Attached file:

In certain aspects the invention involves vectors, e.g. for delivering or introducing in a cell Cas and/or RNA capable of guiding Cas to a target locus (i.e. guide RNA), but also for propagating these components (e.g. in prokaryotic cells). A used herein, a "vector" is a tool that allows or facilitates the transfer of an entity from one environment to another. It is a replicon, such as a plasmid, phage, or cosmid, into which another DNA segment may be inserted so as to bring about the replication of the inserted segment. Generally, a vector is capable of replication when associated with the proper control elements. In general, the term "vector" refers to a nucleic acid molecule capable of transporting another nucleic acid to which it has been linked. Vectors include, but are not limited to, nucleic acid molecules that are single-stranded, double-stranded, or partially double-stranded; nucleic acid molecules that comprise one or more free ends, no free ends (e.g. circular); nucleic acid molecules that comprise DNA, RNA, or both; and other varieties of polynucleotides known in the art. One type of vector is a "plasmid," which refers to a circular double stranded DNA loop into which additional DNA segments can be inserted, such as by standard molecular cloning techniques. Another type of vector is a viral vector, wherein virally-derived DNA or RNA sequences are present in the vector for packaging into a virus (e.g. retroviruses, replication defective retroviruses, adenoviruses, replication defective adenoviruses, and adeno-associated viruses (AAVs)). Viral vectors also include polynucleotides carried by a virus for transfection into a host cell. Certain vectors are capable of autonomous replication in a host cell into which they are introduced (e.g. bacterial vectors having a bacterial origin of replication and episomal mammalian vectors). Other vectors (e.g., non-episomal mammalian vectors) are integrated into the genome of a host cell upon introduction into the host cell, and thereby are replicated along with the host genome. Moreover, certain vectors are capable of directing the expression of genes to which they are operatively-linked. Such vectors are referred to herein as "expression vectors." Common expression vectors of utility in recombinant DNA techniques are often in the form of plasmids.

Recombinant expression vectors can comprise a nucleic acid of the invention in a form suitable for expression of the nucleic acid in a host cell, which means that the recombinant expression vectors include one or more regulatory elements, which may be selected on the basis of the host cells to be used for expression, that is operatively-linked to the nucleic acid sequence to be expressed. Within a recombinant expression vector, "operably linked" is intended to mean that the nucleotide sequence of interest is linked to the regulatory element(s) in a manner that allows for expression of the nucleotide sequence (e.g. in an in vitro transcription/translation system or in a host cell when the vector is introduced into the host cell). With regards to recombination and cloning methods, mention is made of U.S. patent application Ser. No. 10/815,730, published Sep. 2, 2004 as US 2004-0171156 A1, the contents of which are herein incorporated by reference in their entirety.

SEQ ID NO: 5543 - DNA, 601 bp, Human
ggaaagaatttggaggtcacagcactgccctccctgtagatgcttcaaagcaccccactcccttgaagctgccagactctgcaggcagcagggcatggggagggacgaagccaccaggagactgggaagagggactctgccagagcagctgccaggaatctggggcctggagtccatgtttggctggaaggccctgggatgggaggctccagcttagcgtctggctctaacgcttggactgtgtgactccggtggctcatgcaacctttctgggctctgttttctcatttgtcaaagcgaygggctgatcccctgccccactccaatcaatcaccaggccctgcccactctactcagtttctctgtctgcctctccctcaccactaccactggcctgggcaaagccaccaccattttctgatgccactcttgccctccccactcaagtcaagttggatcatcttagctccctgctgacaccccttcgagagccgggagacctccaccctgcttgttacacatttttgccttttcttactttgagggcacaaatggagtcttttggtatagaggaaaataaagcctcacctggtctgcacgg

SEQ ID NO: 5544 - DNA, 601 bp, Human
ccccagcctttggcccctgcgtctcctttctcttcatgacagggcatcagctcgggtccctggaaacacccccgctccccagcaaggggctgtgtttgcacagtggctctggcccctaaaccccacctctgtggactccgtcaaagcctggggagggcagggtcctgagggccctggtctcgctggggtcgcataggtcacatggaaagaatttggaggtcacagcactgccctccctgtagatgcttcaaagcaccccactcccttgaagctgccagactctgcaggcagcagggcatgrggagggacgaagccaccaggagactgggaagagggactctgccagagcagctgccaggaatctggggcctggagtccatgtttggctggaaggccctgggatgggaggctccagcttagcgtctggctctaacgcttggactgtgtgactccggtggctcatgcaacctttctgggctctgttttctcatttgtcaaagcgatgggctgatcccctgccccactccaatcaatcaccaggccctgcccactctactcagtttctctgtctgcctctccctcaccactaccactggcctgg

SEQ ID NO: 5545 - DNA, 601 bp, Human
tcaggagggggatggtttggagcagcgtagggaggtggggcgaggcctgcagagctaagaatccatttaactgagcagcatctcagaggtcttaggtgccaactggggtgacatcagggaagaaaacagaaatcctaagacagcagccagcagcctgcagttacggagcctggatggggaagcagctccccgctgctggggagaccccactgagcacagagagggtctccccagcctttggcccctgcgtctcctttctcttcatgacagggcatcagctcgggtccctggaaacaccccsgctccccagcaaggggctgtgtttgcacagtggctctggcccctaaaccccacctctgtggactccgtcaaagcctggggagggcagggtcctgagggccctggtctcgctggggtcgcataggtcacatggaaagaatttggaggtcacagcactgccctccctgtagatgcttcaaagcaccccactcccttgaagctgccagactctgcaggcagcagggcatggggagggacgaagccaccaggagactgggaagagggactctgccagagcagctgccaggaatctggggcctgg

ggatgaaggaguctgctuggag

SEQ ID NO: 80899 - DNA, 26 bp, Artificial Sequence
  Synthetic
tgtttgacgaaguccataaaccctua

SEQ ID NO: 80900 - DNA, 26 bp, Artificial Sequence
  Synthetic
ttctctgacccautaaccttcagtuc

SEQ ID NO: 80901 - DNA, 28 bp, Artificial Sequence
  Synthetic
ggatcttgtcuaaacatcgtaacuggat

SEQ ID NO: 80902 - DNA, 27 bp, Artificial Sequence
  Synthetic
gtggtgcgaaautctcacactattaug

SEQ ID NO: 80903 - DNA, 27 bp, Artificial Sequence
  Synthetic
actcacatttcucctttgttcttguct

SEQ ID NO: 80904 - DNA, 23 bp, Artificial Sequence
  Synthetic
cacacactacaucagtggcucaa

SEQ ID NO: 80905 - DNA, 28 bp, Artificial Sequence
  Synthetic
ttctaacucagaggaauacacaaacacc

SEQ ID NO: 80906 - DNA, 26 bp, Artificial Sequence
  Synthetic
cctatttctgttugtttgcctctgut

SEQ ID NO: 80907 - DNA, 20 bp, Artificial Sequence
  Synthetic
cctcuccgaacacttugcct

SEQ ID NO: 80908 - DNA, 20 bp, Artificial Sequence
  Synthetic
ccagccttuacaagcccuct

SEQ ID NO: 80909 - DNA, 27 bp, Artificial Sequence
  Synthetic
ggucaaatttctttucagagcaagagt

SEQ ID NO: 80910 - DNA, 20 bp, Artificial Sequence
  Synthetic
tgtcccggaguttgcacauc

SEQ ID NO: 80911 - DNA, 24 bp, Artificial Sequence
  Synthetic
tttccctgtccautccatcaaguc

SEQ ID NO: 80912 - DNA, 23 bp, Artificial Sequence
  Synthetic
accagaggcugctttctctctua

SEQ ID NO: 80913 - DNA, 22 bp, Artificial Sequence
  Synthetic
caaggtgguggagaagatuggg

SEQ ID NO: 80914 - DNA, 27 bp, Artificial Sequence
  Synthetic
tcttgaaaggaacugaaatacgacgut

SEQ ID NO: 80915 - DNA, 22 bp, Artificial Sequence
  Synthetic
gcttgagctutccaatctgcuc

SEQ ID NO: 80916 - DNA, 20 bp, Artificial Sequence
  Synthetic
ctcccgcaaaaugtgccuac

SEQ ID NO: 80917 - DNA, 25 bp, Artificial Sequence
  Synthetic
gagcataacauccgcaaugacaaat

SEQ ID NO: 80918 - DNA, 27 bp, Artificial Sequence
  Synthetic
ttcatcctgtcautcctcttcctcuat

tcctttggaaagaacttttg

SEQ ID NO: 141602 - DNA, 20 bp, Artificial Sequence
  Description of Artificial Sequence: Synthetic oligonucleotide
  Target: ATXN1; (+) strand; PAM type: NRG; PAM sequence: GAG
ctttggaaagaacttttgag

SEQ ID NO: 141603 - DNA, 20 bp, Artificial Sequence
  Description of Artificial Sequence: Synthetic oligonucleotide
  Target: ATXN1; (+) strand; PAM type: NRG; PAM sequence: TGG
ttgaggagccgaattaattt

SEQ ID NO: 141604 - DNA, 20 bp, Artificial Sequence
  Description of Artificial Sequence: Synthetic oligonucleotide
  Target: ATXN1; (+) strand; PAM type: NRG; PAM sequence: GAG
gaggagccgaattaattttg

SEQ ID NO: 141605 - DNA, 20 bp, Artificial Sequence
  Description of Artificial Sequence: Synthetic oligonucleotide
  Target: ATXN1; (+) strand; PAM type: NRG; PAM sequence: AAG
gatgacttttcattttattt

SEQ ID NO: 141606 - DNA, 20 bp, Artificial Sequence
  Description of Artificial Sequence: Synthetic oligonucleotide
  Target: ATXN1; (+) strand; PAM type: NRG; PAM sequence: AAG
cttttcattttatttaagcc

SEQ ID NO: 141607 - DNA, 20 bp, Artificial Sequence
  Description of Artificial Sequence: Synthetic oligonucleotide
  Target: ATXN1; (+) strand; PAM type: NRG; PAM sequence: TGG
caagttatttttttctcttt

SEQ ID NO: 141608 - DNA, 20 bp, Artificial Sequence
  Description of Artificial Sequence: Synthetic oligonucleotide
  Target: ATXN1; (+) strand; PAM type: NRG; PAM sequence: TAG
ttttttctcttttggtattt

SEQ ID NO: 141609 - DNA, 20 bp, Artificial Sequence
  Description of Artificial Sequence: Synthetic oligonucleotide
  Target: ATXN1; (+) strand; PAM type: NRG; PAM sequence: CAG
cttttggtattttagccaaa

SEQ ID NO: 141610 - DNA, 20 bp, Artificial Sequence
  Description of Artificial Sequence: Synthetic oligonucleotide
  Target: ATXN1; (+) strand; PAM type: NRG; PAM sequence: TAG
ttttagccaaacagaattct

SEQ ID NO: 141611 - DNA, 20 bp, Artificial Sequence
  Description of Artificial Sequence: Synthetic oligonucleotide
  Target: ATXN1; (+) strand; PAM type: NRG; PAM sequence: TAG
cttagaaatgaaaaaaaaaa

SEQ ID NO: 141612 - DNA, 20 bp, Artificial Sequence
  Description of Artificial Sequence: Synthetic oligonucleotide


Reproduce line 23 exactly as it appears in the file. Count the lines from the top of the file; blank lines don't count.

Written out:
  Synthetic